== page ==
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Line Integral Notation wrt Scalar Value function

  1. Jul 25, 2017 #1
    I'm getting a bit confused by the specific notation in the question and am unsure what exactly it is asking here/how to proceed.
    1. The problem statement, all variables and given/known data
    Given a scalar function ##f## find (a) ##∫f \vec {dl}## and (b) ##∫fdl##
    along a straight line from ##(0, 0, 0)## to ##(1, 1, 0)##.


    2. Relevant equations
    ##f(x,y,z) = 12xy + z##
    ##\vec {dl} = (\vec {dx},\vec {dy},\vec {dz})##
    3. The attempt at a solution

    So what i'm mainly confused about is with part a, I can't seem to understand what it's referring to thus don't know how to go about starting the integral.

    Is it implying that I need to parametricize the scalar function and then take the integral wrt to dl, treating it like a vector valued function approaching it with the dot product like this $$u = f(x,y,z) = 12xy + z , v = y , w = z $$ resulting in the vector function $$\vec {r}(u,v,w) = (12xy + z) \hat {\mathbf i} + y \hat {\mathbf j} + z \hat {\mathbf k} $$ with the parametrization of $$\vec {r}(t) = (t,t,0)$$ resulting in this integral $$\int (12t^2,t,0)⋅(1,1,0) dt$$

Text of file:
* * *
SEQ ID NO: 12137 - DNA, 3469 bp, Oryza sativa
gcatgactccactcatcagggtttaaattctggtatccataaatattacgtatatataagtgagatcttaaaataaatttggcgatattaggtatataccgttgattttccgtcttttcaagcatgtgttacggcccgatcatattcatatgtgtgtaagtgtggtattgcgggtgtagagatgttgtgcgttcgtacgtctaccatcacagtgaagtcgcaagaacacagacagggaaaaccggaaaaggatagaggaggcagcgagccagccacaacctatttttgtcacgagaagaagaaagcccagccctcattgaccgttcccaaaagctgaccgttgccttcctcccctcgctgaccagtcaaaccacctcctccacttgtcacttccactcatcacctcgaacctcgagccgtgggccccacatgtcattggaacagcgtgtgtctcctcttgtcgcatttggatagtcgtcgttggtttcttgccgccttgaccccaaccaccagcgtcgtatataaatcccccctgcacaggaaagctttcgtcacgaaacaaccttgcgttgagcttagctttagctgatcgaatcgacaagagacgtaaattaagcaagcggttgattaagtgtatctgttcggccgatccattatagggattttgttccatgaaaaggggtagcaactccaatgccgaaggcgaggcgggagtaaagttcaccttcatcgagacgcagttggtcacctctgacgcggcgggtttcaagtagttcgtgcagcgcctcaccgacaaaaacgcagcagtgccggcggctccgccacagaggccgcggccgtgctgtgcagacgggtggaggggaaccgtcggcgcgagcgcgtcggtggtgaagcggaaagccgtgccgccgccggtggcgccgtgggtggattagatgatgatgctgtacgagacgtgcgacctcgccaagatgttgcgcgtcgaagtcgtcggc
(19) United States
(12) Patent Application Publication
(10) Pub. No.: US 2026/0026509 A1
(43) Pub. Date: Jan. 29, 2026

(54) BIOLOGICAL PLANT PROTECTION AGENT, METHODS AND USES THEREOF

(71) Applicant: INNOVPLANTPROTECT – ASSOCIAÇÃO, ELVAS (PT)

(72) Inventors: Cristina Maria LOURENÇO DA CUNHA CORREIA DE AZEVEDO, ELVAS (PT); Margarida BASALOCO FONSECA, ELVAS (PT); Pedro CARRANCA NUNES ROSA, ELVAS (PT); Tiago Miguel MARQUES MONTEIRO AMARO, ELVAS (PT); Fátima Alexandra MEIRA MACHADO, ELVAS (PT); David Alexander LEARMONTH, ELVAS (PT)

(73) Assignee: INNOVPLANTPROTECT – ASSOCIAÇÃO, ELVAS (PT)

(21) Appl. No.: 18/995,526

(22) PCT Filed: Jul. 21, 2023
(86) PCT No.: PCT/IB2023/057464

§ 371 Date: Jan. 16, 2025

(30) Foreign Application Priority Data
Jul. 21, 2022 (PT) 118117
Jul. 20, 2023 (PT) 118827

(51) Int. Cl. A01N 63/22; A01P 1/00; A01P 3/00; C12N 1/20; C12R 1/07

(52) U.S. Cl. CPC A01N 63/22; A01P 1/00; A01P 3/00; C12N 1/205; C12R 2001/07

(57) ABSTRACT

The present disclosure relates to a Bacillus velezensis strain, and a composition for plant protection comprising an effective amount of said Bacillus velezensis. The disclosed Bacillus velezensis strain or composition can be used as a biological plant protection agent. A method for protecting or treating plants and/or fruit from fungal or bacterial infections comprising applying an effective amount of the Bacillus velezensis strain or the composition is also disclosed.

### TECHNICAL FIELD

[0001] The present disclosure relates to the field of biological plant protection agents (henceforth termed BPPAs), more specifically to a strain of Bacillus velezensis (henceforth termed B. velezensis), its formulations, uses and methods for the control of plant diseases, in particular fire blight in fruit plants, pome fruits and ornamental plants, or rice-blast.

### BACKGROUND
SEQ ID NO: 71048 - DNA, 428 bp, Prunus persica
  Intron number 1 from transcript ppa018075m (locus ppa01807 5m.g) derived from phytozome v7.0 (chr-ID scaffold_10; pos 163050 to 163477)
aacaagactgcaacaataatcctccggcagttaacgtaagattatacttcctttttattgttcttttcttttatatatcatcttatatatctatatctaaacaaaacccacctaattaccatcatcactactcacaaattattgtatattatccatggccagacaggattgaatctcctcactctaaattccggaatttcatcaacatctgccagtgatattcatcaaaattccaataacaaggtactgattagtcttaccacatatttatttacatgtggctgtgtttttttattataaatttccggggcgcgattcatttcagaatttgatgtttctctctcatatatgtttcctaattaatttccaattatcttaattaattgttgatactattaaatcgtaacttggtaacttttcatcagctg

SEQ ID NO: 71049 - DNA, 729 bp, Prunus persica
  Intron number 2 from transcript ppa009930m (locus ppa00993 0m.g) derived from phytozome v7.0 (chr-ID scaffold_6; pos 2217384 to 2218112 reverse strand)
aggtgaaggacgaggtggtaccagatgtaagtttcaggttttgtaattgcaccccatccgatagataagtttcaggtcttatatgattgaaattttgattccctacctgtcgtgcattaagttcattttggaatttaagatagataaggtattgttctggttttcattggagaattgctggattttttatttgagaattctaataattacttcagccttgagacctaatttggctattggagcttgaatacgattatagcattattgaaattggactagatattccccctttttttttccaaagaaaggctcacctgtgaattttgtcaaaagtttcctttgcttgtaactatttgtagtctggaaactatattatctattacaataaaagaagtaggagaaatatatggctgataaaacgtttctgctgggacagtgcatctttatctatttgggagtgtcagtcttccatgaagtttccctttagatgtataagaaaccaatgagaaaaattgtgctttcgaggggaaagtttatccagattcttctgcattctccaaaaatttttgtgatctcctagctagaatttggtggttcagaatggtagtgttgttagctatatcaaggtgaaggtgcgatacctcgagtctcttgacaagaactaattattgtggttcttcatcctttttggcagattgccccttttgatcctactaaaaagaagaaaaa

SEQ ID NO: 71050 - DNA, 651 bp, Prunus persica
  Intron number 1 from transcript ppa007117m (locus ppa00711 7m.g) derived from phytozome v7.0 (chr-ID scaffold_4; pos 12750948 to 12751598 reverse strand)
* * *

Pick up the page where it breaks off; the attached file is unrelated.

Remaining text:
or
    am I overthinking this and i'm simply looking find the line integral over each of the differential components like this: $$\int f \vec{dl} = \int f {\mathbf dx} \hat {\mathbf i} + \int f {\mathbf dy} \hat {\mathbf j} + \int f {\mathbf dz} \hat {\mathbf k}$$
     
  2. jcsd
  3. Jul 25, 2017 #2

    haruspex

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    Neither.
    I can rule out your first option because f is a scalar, so the integral must be a vector.
    Your second option overlooks the interaction between x and y in the computation of f.

    Parameterise the path from (0,0,0) to (1,1,0) and write f and ##\vec{dl}## in terms of that parameter.
     
  4. Jul 26, 2017 #3
    So since the parametrized path is ##\vec r(t) = t \hat i + t \hat j + 0 \hat k##, is the correct path to take then to evaluate the integral like so
    $$\int f(x,y,z) \vec {dl} = \int_0^1 f(x(t),y(t),z(t))(\vec {dx} \hat i + \vec {dy} \hat j +\vec {dz} \hat k)$$
    $$= \int_0^1 (12t^2)x'(t)dt \hat i + \int_0^1 (12t^2)y'(t)dt \hat j + \int_0^1 (12t^2)z'(t)dt \hat k ,$$ where $$(x'(t),y'(t),z'(t)) = (1,1,0)$$ ?
     
  5. Jul 26, 2017 #4

    haruspex

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    Yes.
     
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